7.4.Impact and utility according to CH data curators

This section discusses the perceived impact and utility from the CH data curators’ perspective. We proposed an online survey to collect opinions and suggestions, and we administered it to two different groups of CH experts who are either modelling or are planning to model their data as KGs. This survey collects opinions and comments of potential users of the generator who might decide to propose the resulting VA extensions as data exploitation mean.

Participants and setting 5 people joined the online survey belonging to two different groups of CH experts. While 3 of them are delegates of the HETOR project, the other 2 researchers belong to a research group of Medieval Philosophy at the University of Salerno. The HETOR group mainly models tangible CH concerning local and national CH as tabular data releasing them according to the Open Data directive. They are planning to expose their data as KGs in the future. On the other side, the research group of philosophers is designing an ontology to model their collection of medieval manuscripts by representing the co-occurrence of terms, philosophical concept interpretation, and philosophical movements, both concerning Greek and Latin culture. The two research projects spontaneously joined the survey. They are people interested and experts in CH.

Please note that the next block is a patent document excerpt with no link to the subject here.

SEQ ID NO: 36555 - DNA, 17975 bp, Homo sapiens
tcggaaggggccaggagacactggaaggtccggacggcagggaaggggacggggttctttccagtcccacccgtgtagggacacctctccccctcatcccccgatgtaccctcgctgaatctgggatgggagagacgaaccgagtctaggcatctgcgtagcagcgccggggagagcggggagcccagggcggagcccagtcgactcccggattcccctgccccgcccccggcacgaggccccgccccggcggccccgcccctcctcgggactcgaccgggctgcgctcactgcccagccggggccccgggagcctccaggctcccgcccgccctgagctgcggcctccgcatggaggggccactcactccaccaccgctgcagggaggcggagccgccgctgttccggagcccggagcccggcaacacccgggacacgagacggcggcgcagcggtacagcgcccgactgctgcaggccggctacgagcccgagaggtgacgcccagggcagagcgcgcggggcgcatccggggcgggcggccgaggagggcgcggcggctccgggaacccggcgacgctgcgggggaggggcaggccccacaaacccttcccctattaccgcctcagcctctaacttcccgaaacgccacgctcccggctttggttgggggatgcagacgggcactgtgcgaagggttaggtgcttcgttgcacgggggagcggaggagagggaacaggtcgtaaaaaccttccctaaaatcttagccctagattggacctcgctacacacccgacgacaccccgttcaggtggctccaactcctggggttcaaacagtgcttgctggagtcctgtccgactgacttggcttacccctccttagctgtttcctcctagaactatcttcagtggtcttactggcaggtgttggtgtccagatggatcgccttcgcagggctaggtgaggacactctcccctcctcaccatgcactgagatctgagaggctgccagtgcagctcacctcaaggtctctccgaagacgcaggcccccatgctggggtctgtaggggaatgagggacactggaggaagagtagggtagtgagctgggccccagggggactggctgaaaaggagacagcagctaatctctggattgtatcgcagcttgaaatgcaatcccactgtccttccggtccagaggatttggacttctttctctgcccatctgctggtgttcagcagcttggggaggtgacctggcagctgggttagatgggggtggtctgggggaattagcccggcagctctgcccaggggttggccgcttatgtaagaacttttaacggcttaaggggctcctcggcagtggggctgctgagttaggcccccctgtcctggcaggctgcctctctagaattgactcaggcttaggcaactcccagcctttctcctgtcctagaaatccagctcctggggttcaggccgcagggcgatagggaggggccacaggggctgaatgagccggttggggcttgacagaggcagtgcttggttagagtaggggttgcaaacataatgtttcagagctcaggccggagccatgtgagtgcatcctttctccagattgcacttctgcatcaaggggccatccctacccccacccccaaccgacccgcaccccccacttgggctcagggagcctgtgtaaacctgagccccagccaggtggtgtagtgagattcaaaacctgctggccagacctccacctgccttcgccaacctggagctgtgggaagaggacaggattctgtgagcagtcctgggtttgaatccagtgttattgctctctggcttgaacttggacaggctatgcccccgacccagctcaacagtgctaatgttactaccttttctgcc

Data gathering and survey outline The survey has been administered in English and in Italian, and its content is described in Table 12 that reports questions, reply format, and the rationale behind each posed question. The survey is structured in three main sections: i) general information about participants’ expertise and interest in CH, the spread of VAs within the CH community interpreted as people that are either experts or interested in CH, alternative means used to query and explore CH; ii) the interest in making their data accessible by VAs; iii) general suggestions and comments as a free text.